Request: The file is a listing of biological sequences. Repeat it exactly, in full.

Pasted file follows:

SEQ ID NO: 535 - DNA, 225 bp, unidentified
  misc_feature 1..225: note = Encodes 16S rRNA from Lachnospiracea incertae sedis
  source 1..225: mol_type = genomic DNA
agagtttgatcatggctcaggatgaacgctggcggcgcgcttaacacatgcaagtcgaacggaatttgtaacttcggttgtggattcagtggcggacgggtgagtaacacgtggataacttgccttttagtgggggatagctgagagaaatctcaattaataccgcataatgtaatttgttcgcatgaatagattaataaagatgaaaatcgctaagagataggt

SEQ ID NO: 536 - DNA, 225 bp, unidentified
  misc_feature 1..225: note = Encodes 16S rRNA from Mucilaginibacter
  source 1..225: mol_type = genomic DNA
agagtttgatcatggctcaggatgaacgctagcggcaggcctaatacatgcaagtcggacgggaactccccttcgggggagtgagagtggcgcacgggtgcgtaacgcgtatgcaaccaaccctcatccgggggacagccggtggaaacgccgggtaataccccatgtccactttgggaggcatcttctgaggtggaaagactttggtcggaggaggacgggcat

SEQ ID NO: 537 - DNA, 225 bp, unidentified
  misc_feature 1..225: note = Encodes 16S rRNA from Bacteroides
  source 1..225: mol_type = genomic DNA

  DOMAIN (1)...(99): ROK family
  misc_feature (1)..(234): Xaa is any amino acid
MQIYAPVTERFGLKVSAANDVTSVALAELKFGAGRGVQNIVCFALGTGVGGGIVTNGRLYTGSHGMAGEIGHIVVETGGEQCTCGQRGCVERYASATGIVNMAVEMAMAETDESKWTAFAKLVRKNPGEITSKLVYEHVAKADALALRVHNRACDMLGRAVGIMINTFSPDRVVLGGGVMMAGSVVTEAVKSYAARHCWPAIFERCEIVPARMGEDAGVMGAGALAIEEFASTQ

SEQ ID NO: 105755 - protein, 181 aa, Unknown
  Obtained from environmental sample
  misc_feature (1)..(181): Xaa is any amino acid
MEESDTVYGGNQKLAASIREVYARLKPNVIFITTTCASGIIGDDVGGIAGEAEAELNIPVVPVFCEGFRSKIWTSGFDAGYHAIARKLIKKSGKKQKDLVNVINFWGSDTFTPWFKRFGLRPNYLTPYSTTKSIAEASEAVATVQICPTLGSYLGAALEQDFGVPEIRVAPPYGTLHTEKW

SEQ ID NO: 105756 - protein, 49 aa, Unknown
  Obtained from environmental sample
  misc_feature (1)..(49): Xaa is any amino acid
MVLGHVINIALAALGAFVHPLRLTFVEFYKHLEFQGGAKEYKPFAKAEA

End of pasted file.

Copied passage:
SEQ ID NO: 535 - DNA, 225 bp, unidentified
  misc_feature 1..225: note = Encodes 16S rRNA from Lachnospiracea incertae sedis
  source 1..225: mol_type = genomic DNA
agagtttgatcatggctcaggatgaacgctggcggcgcgcttaacacatgcaagtcgaacggaatttgtaacttcggttgtggattcagtggcggacgggtgagtaacacgtggataacttgccttttagtgggggatagctgagagaaatctcaattaataccgcataatgtaatttgttcgcatgaatagattaataaagatgaaaatcgctaagagataggt

SEQ ID NO: 536 - DNA, 225 bp, unidentified
  misc_feature 1..225: note = Encodes 16S rRNA from Mucilaginibacter
  source 1..225: mol_type = genomic DNA
agagtttgatcatggctcaggatgaacgctagcggcaggcctaatacatgcaagtcggacgggaactccccttcgggggagtgagagtggcgcacgggtgcgtaacgcgtatgcaaccaaccctcatccgggggacagccggtggaaacgccgggtaataccccatgtccactttgggaggcatcttctgaggtggaaagactttggtcggaggaggacgggcat

SEQ ID NO: 537 - DNA, 225 bp, unidentified
  misc_feature 1..225: note = Encodes 16S rRNA from Bacteroides
  source 1..225: mol_type = genomic DNA

  DOMAIN (1)...(99): ROK family
  misc_feature (1)..(234): Xaa is any amino acid
MQIYAPVTERFGLKVSAANDVTSVALAELKFGAGRGVQNIVCFALGTGVGGGIVTNGRLYTGSHGMAGEIGHIVVETGGEQCTCGQRGCVERYASATGIVNMAVEMAMAETDESKWTAFAKLVRKNPGEITSKLVYEHVAKADALALRVHNRACDMLGRAVGIMINTFSPDRVVLGGGVMMAGSVVTEAVKSYAARHCWPAIFERCEIVPARMGEDAGVMGAGALAIEEFASTQ

SEQ ID NO: 105755 - protein, 181 aa, Unknown
  Obtained from environmental sample
  misc_feature (1)..(181): Xaa is any amino acid
MEESDTVYGGNQKLAASIREVYARLKPNVIFITTTCASGIIGDDVGGIAGEAEAELNIPVVPVFCEGFRSKIWTSGFDAGYHAIARKLIKKSGKKQKDLVNVINFWGSDTFTPWFKRFGLRPNYLTPYSTTKSIAEASEAVATVQICPTLGSYLGAALEQDFGVPEIRVAPPYGTLHTEKW

SEQ ID NO: 105756 - protein, 49 aa, Unknown
  Obtained from environmental sample
  misc_feature (1)..(49): Xaa is any amino acid
MVLGHVINIALAALGAFVHPLRLTFVEFYKHLEFQGGAKEYKPFAKAEA